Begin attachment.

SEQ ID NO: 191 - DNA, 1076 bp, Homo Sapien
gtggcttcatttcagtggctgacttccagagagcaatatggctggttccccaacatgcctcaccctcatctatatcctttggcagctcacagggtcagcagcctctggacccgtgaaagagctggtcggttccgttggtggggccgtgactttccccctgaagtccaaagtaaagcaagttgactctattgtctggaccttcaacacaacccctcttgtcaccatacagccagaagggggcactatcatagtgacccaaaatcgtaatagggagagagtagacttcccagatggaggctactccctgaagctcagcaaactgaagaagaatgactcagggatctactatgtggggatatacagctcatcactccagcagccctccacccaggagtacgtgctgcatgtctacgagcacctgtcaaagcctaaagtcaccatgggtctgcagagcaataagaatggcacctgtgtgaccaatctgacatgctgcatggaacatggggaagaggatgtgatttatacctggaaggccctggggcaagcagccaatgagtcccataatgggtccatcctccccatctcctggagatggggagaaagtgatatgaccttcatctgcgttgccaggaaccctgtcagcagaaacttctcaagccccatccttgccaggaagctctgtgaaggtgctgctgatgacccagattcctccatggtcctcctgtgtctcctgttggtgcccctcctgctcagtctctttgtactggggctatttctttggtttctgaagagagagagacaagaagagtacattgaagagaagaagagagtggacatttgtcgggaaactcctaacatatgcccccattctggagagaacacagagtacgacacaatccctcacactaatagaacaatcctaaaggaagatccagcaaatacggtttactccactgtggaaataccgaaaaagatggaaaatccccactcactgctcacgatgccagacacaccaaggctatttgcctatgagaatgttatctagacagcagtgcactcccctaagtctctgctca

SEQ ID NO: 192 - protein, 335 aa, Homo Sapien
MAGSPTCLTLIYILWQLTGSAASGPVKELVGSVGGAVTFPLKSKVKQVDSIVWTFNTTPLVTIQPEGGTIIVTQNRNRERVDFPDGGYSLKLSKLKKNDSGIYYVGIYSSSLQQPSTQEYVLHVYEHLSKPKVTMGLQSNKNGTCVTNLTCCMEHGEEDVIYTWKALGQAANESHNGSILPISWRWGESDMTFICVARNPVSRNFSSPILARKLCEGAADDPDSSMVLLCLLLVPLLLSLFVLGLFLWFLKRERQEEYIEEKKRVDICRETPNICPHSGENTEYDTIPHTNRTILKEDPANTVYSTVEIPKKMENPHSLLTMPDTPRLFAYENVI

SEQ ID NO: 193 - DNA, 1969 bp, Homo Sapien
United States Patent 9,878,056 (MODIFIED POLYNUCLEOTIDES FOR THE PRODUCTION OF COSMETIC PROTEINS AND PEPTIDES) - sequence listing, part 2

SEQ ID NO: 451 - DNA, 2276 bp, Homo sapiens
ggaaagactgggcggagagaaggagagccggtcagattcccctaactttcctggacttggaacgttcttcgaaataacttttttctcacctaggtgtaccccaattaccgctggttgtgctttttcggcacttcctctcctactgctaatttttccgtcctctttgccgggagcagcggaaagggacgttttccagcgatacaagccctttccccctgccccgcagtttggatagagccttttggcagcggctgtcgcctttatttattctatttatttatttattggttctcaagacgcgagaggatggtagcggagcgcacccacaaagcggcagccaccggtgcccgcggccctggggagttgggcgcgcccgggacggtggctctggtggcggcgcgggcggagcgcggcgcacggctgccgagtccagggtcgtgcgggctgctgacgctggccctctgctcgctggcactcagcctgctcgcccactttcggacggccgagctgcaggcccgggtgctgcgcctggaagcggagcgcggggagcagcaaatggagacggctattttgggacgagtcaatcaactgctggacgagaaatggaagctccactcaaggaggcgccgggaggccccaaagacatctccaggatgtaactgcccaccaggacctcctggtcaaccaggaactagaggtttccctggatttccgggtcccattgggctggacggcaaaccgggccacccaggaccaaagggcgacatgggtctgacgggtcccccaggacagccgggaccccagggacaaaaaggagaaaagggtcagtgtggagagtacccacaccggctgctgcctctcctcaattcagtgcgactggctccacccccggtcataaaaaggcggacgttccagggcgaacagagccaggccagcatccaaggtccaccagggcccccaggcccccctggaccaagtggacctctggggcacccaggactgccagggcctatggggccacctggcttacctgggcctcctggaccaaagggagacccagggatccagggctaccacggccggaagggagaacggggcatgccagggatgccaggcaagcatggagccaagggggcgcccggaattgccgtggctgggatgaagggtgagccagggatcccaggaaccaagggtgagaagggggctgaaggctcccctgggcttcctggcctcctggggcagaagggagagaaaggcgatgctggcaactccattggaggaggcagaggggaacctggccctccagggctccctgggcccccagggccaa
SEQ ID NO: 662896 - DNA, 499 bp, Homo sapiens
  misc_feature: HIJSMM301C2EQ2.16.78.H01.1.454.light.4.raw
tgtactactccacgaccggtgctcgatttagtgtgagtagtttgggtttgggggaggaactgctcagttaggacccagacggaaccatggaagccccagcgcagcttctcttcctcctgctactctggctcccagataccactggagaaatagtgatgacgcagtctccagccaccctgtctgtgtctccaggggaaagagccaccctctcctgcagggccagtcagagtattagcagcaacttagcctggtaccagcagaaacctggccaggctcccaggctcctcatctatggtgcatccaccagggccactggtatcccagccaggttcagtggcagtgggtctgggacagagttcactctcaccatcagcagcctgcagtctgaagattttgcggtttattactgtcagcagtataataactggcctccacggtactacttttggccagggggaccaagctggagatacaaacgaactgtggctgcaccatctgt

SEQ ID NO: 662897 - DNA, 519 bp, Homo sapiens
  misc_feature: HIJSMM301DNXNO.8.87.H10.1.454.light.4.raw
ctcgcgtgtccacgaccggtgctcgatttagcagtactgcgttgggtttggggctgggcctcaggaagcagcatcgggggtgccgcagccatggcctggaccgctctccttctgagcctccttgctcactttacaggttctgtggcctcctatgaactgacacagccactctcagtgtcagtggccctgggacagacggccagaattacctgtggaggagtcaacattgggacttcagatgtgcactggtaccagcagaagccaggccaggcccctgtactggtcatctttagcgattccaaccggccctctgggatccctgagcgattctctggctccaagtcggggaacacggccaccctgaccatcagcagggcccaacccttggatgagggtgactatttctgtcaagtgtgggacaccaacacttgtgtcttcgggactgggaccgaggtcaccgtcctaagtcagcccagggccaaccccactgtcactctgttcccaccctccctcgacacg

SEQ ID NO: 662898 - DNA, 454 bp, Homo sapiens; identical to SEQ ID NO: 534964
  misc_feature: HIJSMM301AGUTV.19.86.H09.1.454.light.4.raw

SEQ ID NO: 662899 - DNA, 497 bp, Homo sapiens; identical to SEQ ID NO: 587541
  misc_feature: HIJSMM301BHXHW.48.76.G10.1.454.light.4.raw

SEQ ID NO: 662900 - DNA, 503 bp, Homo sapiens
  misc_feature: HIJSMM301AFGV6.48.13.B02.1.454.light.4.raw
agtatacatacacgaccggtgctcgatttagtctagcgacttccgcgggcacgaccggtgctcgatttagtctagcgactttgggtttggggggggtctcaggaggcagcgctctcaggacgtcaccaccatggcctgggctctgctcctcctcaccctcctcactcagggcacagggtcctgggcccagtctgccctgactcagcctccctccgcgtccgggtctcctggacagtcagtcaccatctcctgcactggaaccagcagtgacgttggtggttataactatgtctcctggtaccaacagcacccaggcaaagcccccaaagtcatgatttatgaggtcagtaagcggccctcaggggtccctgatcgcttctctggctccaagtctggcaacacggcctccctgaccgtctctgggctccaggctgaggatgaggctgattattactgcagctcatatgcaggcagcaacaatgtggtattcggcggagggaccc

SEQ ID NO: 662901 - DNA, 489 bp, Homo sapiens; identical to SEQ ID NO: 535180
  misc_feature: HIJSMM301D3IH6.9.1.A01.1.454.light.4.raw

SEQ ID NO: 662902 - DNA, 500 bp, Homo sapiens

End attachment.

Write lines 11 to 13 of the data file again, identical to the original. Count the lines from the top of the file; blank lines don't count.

tgtactactccacgaccggtgctcgatttagtgtgagtagtttgggtttgggggaggaactgctcagttaggacccagacggaaccatggaagccccagcgcagcttctcttcctcctgctactctggctcccagataccactggagaaatagtgatgacgcagtctccagccaccctgtctgtgtctccaggggaaagagccaccctctcctgcagggccagtcagagtattagcagcaacttagcctggtaccagcagaaacctggccaggctcccaggctcctcatctatggtgcatccaccagggccactggtatcccagccaggttcagtggcagtgggtctgggacagagttcactctcaccatcagcagcctgcagtctgaagattttgcggtttattactgtcagcagtataataactggcctccacggtactacttttggccagggggaccaagctggagatacaaacgaactgtggctgcaccatctgt

SEQ ID NO: 662897 - DNA, 519 bp, Homo sapiens
  misc_feature: HIJSMM301DNXNO.8.87.H10.1.454.light.4.raw